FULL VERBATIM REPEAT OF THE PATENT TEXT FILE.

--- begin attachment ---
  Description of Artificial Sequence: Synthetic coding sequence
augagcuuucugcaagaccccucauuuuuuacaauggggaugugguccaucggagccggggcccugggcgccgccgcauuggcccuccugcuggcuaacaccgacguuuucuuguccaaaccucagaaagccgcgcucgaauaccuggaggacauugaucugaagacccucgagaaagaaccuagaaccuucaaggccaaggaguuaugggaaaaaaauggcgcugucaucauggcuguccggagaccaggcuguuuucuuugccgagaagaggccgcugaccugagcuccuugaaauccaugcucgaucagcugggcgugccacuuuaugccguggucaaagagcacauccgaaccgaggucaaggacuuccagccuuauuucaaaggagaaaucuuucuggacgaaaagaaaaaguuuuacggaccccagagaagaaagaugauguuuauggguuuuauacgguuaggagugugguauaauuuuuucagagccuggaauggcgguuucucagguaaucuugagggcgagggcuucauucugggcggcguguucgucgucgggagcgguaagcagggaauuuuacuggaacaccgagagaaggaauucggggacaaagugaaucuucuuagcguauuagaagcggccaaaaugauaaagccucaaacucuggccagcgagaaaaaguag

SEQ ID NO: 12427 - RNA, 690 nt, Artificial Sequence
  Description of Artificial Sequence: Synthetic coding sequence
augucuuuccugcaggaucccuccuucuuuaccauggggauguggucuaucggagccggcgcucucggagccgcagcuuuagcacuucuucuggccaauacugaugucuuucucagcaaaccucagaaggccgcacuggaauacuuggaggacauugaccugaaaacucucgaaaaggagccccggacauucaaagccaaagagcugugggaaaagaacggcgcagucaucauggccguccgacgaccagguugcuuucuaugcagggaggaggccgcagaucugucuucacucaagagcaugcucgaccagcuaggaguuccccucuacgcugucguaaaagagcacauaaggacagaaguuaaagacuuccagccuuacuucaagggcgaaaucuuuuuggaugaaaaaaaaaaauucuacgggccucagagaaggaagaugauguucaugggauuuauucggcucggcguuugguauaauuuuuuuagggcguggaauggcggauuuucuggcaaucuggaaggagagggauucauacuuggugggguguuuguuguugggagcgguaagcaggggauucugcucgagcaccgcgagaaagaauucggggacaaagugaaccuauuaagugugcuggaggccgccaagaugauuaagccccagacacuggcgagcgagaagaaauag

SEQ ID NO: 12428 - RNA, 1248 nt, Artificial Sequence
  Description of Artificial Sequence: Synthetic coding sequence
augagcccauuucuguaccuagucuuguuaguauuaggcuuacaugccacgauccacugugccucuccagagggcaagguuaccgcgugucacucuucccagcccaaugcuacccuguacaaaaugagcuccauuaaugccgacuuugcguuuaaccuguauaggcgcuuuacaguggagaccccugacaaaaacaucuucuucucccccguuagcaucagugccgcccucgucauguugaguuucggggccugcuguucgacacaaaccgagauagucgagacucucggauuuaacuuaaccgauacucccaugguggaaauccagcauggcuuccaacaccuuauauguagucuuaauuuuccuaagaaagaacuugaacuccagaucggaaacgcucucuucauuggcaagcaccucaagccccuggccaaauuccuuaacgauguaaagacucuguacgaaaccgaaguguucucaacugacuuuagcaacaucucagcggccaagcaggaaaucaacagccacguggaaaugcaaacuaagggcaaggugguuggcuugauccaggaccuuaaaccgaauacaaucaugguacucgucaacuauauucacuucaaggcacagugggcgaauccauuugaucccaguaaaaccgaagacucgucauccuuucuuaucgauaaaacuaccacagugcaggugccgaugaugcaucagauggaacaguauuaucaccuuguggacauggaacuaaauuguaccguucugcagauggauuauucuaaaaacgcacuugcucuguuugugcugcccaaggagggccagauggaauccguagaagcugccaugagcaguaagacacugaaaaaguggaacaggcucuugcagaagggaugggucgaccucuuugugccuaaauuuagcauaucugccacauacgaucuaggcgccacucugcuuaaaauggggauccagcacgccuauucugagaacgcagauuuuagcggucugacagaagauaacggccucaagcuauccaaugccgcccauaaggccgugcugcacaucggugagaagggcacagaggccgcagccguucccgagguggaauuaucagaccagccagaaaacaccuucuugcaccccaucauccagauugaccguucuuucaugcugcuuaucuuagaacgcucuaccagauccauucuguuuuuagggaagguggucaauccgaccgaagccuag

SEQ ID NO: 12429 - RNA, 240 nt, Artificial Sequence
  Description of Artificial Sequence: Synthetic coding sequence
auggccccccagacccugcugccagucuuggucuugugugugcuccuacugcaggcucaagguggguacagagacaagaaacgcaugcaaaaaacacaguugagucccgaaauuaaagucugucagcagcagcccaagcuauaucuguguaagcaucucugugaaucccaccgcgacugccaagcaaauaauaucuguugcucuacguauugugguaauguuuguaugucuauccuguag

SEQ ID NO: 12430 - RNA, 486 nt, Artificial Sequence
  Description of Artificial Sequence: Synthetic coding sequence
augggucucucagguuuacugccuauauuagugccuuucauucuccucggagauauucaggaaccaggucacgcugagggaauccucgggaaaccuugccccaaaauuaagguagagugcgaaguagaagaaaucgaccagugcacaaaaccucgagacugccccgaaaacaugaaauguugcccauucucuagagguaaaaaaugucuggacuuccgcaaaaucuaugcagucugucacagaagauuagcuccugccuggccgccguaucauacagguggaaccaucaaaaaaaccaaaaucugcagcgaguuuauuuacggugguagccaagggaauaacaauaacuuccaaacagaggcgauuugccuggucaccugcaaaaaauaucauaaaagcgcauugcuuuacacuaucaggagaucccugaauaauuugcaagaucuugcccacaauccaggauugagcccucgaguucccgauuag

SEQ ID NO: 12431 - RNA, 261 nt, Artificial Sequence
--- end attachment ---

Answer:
  Description of Artificial Sequence: Synthetic coding sequence
augagcuuucugcaagaccccucauuuuuuacaauggggaugugguccaucggagccggggcccugggcgccgccgcauuggcccuccugcuggcuaacaccgacguuuucuuguccaaaccucagaaagccgcgcucgaauaccuggaggacauugaucugaagacccucgagaaagaaccuagaaccuucaaggccaaggaguuaugggaaaaaaauggcgcugucaucauggcuguccggagaccaggcuguuuucuuugccgagaagaggccgcugaccugagcuccuugaaauccaugcucgaucagcugggcgugccacuuuaugccguggucaaagagcacauccgaaccgaggucaaggacuuccagccuuauuucaaaggagaaaucuuucuggacgaaaagaaaaaguuuuacggaccccagagaagaaagaugauguuuauggguuuuauacgguuaggagugugguauaauuuuuucagagccuggaauggcgguuucucagguaaucuugagggcgagggcuucauucugggcggcguguucgucgucgggagcgguaagcagggaauuuuacuggaacaccgagagaaggaauucggggacaaagugaaucuucuuagcguauuagaagcggccaaaaugauaaagccucaaacucuggccagcgagaaaaaguag

SEQ ID NO: 12427 - RNA, 690 nt, Artificial Sequence
  Description of Artificial Sequence: Synthetic coding sequence
augucuuuccugcaggaucccuccuucuuuaccauggggauguggucuaucggagccggcgcucucggagccgcagcuuuagcacuucuucuggccaauacugaugucuuucucagcaaaccucagaaggccgcacuggaauacuuggaggacauugaccugaaaacucucgaaaaggagccccggacauucaaagccaaagagcugugggaaaagaacggcgcagucaucauggccguccgacgaccagguugcuuucuaugcagggaggaggccgcagaucugucuucacucaagagcaugcucgaccagcuaggaguuccccucuacgcugucguaaaagagcacauaaggacagaaguuaaagacuuccagccuuacuucaagggcgaaaucuuuuuggaugaaaaaaaaaaauucuacgggccucagagaaggaagaugauguucaugggauuuauucggcucggcguuugguauaauuuuuuuagggcguggaauggcggauuuucuggcaaucuggaaggagagggauucauacuuggugggguguuuguuguugggagcgguaagcaggggauucugcucgagcaccgcgagaaagaauucggggacaaagugaaccuauuaagugugcuggaggccgccaagaugauuaagccccagacacuggcgagcgagaagaaauag

SEQ ID NO: 12428 - RNA, 1248 nt, Artificial Sequence
  Description of Artificial Sequence: Synthetic coding sequence
augagcccauuucuguaccuagucuuguuaguauuaggcuuacaugccacgauccacugugccucuccagagggcaagguuaccgcgugucacucuucccagcccaaugcuacccuguacaaaaugagcuccauuaaugccgacuuugcguuuaaccuguauaggcgcuuuacaguggagaccccugacaaaaacaucuucuucucccccguuagcaucagugccgcccucgucauguugaguuucggggccugcuguucgacacaaaccgagauagucgagacucucggauuuaacuuaaccgauacucccaugguggaaauccagcauggcuuccaacaccuuauauguagucuuaauuuuccuaagaaagaacuugaacuccagaucggaaacgcucucuucauuggcaagcaccucaagccccuggccaaauuccuuaacgauguaaagacucuguacgaaaccgaaguguucucaacugacuuuagcaacaucucagcggccaagcaggaaaucaacagccacguggaaaugcaaacuaagggcaaggugguuggcuugauccaggaccuuaaaccgaauacaaucaugguacucgucaacuauauucacuucaaggcacagugggcgaauccauuugaucccaguaaaaccgaagacucgucauccuuucuuaucgauaaaacuaccacagugcaggugccgaugaugcaucagauggaacaguauuaucaccuuguggacauggaacuaaauuguaccguucugcagauggauuauucuaaaaacgcacuugcucuguuugugcugcccaaggagggccagauggaauccguagaagcugccaugagcaguaagacacugaaaaaguggaacaggcucuugcagaagggaugggucgaccucuuugugccuaaauuuagcauaucugccacauacgaucuaggcgccacucugcuuaaaauggggauccagcacgccuauucugagaacgcagauuuuagcggucugacagaagauaacggccucaagcuauccaaugccgcccauaaggccgugcugcacaucggugagaagggcacagaggccgcagccguucccgagguggaauuaucagaccagccagaaaacaccuucuugcaccccaucauccagauugaccguucuuucaugcugcuuaucuuagaacgcucuaccagauccauucuguuuuuagggaagguggucaauccgaccgaagccuag

SEQ ID NO: 12429 - RNA, 240 nt, Artificial Sequence
  Description of Artificial Sequence: Synthetic coding sequence
auggccccccagacccugcugccagucuuggucuugugugugcuccuacugcaggcucaagguggguacagagacaagaaacgcaugcaaaaaacacaguugagucccgaaauuaaagucugucagcagcagcccaagcuauaucuguguaagcaucucugugaaucccaccgcgacugccaagcaaauaauaucuguugcucuacguauugugguaauguuuguaugucuauccuguag

SEQ ID NO: 12430 - RNA, 486 nt, Artificial Sequence
  Description of Artificial Sequence: Synthetic coding sequence
augggucucucagguuuacugccuauauuagugccuuucauucuccucggagauauucaggaaccaggucacgcugagggaauccucgggaaaccuugccccaaaauuaagguagagugcgaaguagaagaaaucgaccagugcacaaaaccucgagacugccccgaaaacaugaaauguugcccauucucuagagguaaaaaaugucuggacuuccgcaaaaucuaugcagucugucacagaagauuagcuccugccuggccgccguaucauacagguggaaccaucaaaaaaaccaaaaucugcagcgaguuuauuuacggugguagccaagggaauaacaauaacuuccaaacagaggcgauuugccuggucaccugcaaaaaauaucauaaaagcgcauugcuuuacacuaucaggagaucccugaauaauuugcaagaucuugcccacaauccaggauugagcccucgaguucccgauuag

SEQ ID NO: 12431 - RNA, 261 nt, Artificial Sequence